The Adjusted Standings at Baseball Prospectus (based on underlying performance) continue to gush over the Cubs and have them winning up to – and this is starting to get ridiculous – 90 games already this year.

Yes, the Cubs still have the best record in baseball, but by three separate accounts, it could and should have been way, way better. According to both FanGraphs and Baseball Prospectus, the Cubs will win 21 more games this season, which would put them right at 102 wins – five better than last season.

So, what does it mean for the playoffs and beyond? Let’s check back in on that at FanGraphs.

Chicago Cubs Playoff Odds (FanGraphs)

  • Chances of winning the division: 99.9% (+0.1% from last check)
  • Chances of reaching the playoffs: 100% (+0.0%)
  • Chances of winning the NLDS: 60.4% (+0.3%)
  • Chances of winning the NLCS: 33.5% (-0.7%)
  • Chances of winning the World Series: 18.8% (-0.8%)

After going 8-2 in their past ten games, the Cubs still have a 100.0% chance of reaching the playoffs (We already discussed the implications of this here). Their odds of reaching and winning the World Series have gone down a bit, but these will go up and down all year; you can’t be too upset with an 18.8% chance of winning the World Series – it seems the various projection systems like the Nationals recently – clearly they have an East Coast bias.

Chicago Cubs Playoff Odds (Baseball Prospectus):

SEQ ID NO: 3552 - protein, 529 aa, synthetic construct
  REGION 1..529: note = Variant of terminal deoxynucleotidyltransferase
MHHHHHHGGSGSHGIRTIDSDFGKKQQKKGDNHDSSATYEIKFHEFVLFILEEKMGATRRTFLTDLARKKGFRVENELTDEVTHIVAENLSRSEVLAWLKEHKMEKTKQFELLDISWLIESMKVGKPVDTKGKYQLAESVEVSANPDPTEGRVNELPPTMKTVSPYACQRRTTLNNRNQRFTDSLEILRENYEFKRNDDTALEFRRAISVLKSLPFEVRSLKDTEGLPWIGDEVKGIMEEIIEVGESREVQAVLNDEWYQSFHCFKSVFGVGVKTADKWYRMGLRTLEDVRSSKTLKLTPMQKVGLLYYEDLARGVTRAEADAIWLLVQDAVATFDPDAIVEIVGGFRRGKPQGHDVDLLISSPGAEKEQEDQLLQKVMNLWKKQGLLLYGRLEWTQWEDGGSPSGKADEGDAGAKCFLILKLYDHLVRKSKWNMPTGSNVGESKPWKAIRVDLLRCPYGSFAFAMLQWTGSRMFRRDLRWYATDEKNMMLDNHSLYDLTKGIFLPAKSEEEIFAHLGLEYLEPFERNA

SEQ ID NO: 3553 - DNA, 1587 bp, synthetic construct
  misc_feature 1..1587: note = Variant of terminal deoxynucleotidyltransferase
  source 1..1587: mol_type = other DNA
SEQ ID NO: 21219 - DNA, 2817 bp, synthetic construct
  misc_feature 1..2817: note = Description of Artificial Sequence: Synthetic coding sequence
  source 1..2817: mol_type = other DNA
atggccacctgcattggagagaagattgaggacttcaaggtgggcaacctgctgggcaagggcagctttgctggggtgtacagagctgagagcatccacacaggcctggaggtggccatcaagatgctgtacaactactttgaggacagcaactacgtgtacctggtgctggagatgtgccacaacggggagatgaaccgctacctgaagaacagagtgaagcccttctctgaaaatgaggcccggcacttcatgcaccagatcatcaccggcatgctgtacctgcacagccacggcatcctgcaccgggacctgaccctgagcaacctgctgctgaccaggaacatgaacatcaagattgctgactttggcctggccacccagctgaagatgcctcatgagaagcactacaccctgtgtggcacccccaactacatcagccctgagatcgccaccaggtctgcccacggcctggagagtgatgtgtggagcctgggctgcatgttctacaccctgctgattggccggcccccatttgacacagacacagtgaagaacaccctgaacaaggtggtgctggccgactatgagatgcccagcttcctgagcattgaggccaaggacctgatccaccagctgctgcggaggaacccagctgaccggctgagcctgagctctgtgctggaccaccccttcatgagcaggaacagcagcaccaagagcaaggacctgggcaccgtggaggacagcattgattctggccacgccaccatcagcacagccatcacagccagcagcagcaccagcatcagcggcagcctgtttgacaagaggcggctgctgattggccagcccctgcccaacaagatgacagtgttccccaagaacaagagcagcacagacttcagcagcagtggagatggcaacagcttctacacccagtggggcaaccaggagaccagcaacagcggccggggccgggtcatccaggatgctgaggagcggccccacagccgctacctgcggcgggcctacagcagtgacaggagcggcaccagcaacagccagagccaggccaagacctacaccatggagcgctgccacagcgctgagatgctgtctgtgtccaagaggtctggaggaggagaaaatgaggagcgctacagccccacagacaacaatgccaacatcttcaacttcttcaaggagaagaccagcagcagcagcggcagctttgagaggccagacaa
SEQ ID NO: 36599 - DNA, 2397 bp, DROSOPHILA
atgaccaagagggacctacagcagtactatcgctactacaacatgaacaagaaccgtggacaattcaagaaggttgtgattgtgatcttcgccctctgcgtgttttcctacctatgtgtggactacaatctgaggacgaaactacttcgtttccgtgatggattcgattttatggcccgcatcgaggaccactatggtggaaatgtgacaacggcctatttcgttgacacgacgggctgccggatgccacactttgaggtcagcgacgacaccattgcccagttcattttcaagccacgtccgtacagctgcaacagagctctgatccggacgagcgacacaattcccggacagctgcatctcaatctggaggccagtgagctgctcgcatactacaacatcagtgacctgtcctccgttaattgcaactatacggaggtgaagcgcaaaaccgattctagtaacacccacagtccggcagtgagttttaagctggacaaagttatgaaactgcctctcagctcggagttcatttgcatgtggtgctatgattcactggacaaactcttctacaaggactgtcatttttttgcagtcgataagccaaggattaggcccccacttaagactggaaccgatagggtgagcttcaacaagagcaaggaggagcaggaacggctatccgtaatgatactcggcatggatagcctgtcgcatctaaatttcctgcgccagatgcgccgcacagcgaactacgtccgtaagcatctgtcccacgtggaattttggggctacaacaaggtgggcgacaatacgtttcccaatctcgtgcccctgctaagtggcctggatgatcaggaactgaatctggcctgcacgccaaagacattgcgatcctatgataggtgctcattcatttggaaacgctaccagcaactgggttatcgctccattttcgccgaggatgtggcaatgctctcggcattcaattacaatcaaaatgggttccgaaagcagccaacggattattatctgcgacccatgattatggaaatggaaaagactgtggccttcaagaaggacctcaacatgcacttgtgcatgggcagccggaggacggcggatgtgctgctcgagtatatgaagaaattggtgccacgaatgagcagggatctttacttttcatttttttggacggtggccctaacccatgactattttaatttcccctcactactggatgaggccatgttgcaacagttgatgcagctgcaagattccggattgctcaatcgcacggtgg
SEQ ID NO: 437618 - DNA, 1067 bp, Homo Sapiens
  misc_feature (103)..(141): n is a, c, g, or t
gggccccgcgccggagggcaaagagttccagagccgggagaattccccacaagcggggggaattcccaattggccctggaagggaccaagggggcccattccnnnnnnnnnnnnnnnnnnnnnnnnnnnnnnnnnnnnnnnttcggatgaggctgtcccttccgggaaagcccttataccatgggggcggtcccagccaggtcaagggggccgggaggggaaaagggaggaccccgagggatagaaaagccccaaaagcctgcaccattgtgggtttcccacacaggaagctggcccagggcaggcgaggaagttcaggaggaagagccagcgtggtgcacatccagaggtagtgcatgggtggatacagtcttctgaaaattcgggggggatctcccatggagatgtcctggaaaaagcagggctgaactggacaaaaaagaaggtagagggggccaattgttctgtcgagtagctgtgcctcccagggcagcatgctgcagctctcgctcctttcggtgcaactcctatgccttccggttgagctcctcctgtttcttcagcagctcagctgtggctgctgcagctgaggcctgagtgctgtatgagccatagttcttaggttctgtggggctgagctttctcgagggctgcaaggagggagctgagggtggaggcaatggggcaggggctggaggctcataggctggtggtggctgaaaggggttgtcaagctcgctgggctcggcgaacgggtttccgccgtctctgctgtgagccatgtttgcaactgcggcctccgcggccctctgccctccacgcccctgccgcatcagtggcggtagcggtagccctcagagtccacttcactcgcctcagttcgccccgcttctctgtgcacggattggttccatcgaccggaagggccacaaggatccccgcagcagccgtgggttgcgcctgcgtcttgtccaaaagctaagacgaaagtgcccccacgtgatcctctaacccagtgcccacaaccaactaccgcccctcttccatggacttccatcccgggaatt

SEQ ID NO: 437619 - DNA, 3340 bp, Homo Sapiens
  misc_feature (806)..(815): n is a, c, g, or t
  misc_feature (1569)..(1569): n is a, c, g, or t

• Chances of winning the division: 100.0% (+0.2%)
  • Chances of reaching the playoffs: 100.0% (+0.0)
  • Chances of winning the World Series: 22.2% (+1.3)


The Cubs odds’ of reaching the playoffs were already at 100% before today, but now BP suggests that they’ve likely got the NL Central locked up, as well. Now check out some of their statistics via FanGraphs, with their league ranking and relative positioning since last time in parentheses:

Chicago Cubs Offensive Statistics

  • Walk Rate: 10.3% (Today: T-1st (Brewers?) – Previously: 1st) 
  • Strikeout Rate: 21.2% (Today: 17th – Previously: 19th)
  • ISO: .177 (Today: 8th – Previously: 10th)
  • OBP: .346 (Today: 2nd – Previously: 2nd
  • SLG: .436 (Today: 6th – Previously: 12th)–
  • wOBA: .336 (Today: 3rd – Previously: 3rd)
  • wRC+: 107 (Today: 2nd – Previously: 4th) 

Chicago Cubs Pitching Statistics

  • ERA: 3.13 (Today: 1st – Previously: 1st)
  • FIP: 3.80 (Today: 4th – Previously: 5th) 
  • xFIP: 3.80 (Today: 5th – Previously: 6th)
  • K-Rate: 24.1% (Today: 3rd – Previously: 3rd) 
  • Walk Rate: 8.4% (Today: 19th – Previously: 15th) 
  • K/BB: 2.86 (Today: 12th – Previously: 9th) 
  • AVG (against): .210 (Today: 1st – Previously: 1st) 
  • WHIP: 1.12 (Today: 1st – Previously: 1st) 

Since our last check in, the Cubs offense has done some work. After hitting for some more power (thank you Addison Russell and Kris Bryant), the Cubs have the 8th best ISO and 6th best slugging – both represent nice improvements from last time. That has kept their offense among the three best in all of baseball.

On the pitching side, Cubs hurlers have walked a few more batters than before, lowering their walk rate and K/BB, but continue to get the best results with peripherals that mostly support that. They are simply a good team playing well.

We’re getting close to the final stretch, but the Cubs haven’t let off the gas. Let’s see if they can keep the pedal to the metal and finish out strong.